Equatorial Guinea: The Country

Equatorial Guinea: The Country

Equatorial Guinea: The Country. Equatorial Guinea comprises three diverse territories on the Gulf of Guinea: the main island of Bioko, which includes the capital, Malabo; a smaller island called Annobón, which lies to the south; and Rio Muni, which is located opposite Bioko on the African mainland and which borders Cameroon and Gabon.

The area is remarkably mountainous: the highest point on Bioko is over 3,000 metres above sea level, while the ocean floor plunges to a similar depth, giving a range of more than 6,000 metres in what is a small country of just 28,050 square kilometres.

The three territories are distant from each other, straining transport links but also giving the country sovereignty over a large portion of the Gulf of Guinea deepwater territory that has yielded so many hydrocarbon discoveries in the region over the past decade. The geology of Equatorial Guinea and indeed of the wider region resembles that of offshore Brazil and indeed the two regions were actually formed together.

Most of the country was covered by thick primary rainforest, including ebony and mahogany trees, although much of that has now been cleared. Rainfall varies widely across the country but reaches an annual average high of 10,000 mm on southern parts of Bioko, making it among the very wettest places on earth.

The country has stunning scenery, warm-year-round weather and beautiful beaches that have the potential for a tourist industry, particularly during the drier months from January to July, but virtually none exists at present.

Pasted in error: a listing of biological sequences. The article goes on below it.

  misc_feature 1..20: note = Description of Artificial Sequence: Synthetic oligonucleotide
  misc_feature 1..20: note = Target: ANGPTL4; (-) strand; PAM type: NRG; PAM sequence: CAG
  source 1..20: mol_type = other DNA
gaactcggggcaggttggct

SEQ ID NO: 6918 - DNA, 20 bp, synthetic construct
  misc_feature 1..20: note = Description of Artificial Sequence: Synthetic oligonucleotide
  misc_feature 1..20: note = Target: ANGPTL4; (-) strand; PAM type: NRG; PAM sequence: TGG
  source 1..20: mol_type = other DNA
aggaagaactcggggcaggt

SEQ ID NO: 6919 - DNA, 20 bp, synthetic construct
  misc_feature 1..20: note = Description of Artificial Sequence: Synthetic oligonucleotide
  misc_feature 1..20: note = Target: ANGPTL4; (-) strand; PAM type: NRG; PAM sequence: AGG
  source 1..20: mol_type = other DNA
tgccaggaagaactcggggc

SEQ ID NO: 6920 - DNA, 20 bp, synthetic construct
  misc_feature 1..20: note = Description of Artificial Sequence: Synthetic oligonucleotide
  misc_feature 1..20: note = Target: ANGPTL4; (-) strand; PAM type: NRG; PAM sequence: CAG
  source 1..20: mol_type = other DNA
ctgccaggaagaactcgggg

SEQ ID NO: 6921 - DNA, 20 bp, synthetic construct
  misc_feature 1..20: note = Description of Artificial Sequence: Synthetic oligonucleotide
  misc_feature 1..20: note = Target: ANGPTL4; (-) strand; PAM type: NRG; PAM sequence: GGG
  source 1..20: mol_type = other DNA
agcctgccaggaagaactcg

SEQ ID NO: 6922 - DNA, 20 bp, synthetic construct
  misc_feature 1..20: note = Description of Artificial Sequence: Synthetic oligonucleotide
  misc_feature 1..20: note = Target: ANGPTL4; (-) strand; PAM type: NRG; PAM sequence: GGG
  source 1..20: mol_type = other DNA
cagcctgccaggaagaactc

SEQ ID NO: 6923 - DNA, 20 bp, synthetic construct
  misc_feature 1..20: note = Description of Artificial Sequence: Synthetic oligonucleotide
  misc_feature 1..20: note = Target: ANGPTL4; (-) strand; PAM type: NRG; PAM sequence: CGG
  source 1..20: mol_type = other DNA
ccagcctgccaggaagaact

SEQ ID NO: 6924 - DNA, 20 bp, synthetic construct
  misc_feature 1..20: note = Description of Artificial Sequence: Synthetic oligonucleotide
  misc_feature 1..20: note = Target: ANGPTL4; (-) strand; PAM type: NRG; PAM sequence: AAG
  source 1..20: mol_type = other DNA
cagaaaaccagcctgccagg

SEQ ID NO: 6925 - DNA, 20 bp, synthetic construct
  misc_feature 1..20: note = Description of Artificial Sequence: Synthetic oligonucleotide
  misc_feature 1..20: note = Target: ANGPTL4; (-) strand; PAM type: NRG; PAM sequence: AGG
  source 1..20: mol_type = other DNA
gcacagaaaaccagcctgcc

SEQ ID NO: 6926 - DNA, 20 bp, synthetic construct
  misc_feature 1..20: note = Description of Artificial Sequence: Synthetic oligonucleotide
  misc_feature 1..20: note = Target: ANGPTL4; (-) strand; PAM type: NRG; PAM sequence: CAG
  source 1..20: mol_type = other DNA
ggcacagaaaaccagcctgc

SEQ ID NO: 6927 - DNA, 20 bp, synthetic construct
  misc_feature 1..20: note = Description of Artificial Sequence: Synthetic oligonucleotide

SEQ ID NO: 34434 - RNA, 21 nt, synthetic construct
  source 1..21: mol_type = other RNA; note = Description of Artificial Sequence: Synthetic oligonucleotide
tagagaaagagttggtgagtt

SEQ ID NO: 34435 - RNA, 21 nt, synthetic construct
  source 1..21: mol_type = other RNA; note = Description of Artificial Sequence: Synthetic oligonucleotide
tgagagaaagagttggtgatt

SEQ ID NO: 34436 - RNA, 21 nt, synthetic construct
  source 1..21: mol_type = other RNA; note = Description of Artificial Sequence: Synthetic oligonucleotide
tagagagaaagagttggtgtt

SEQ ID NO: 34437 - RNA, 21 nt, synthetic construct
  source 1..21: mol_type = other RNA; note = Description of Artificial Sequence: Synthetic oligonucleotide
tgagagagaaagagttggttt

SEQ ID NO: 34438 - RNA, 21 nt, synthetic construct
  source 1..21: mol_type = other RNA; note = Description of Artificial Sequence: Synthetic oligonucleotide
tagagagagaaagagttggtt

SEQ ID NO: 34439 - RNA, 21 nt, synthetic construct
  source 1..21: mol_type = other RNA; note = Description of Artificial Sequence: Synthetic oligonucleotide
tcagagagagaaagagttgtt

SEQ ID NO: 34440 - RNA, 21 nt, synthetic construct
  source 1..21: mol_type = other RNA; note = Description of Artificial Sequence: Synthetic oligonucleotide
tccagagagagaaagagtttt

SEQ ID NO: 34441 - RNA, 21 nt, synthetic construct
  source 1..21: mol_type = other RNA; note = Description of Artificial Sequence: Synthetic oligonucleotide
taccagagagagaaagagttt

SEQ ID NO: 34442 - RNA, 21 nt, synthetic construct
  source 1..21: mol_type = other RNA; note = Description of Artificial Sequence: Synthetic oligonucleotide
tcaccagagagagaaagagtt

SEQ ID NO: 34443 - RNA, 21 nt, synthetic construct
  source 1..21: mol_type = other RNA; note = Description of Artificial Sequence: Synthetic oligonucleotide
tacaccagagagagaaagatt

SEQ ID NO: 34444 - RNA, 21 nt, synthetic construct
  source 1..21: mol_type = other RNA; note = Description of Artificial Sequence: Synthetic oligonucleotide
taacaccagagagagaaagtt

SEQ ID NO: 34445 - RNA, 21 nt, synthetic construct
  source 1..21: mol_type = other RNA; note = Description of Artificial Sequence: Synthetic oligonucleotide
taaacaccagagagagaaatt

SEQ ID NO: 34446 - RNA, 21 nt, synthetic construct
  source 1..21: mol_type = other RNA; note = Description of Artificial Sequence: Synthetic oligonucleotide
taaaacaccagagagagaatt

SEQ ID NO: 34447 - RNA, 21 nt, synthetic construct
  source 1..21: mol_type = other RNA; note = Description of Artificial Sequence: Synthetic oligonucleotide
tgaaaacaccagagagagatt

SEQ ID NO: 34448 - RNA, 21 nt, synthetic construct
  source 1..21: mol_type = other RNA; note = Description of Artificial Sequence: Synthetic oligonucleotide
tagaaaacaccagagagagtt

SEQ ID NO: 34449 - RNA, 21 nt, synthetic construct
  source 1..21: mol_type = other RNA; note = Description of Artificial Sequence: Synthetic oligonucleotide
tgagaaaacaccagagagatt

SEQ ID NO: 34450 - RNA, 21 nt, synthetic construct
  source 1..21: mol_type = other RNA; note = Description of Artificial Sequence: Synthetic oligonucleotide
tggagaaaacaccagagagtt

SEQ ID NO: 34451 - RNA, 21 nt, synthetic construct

Portugal occupied Bioko and Annobón, together with neighbouring São Tomé and Príncipe, from the 1470s until it ceded the first two to Spain in 1778. It was not until 1926 that the two were merged with the continental territory of Rio Muni, which was then called Fernando Po. The combined colony, which was named Spanish Guinea, relied heavily on cocoa production, even after independence in 1968 and was widely considered to be a colonial backwater.

Equatorial Guinea currently has a population of 750,000, which is growing by about 2.5% a year, despite low life expectancy of 52 years.

The official languages of Equatorial Guinea are Spanish and French: Spanish because all three parts of the country were Spanish colonies; and French because it is the main official language of Central Africa. Fang is the most popular African Equatoguinean language spoken. There is a range of different ethnic groups in the country but by far the largest is the Fang, many of whom also live in Gabon and Cameroon.

Rio Muni accounts for about 93% of the country’s land territory and 75% of its population, with most of the remainder on Bioko and just 1,500 on Annobón. However, the economic boom has prompted a great deal of migration from Rio Muni to Bioko and from rural areas to the two main cities: the capital Malabo on Bioko and Bata in Rio Muni. It seems unlikely that rural development will proceed quickly enough to stem this migration pattern.

The predominant religion in the country is Roman Catholicism, with an official following of 92%, with most of the remainder split between animism and Protestantism, plus a small Muslim minority. In practice, however, some people follow both variations of animism and Christianity.

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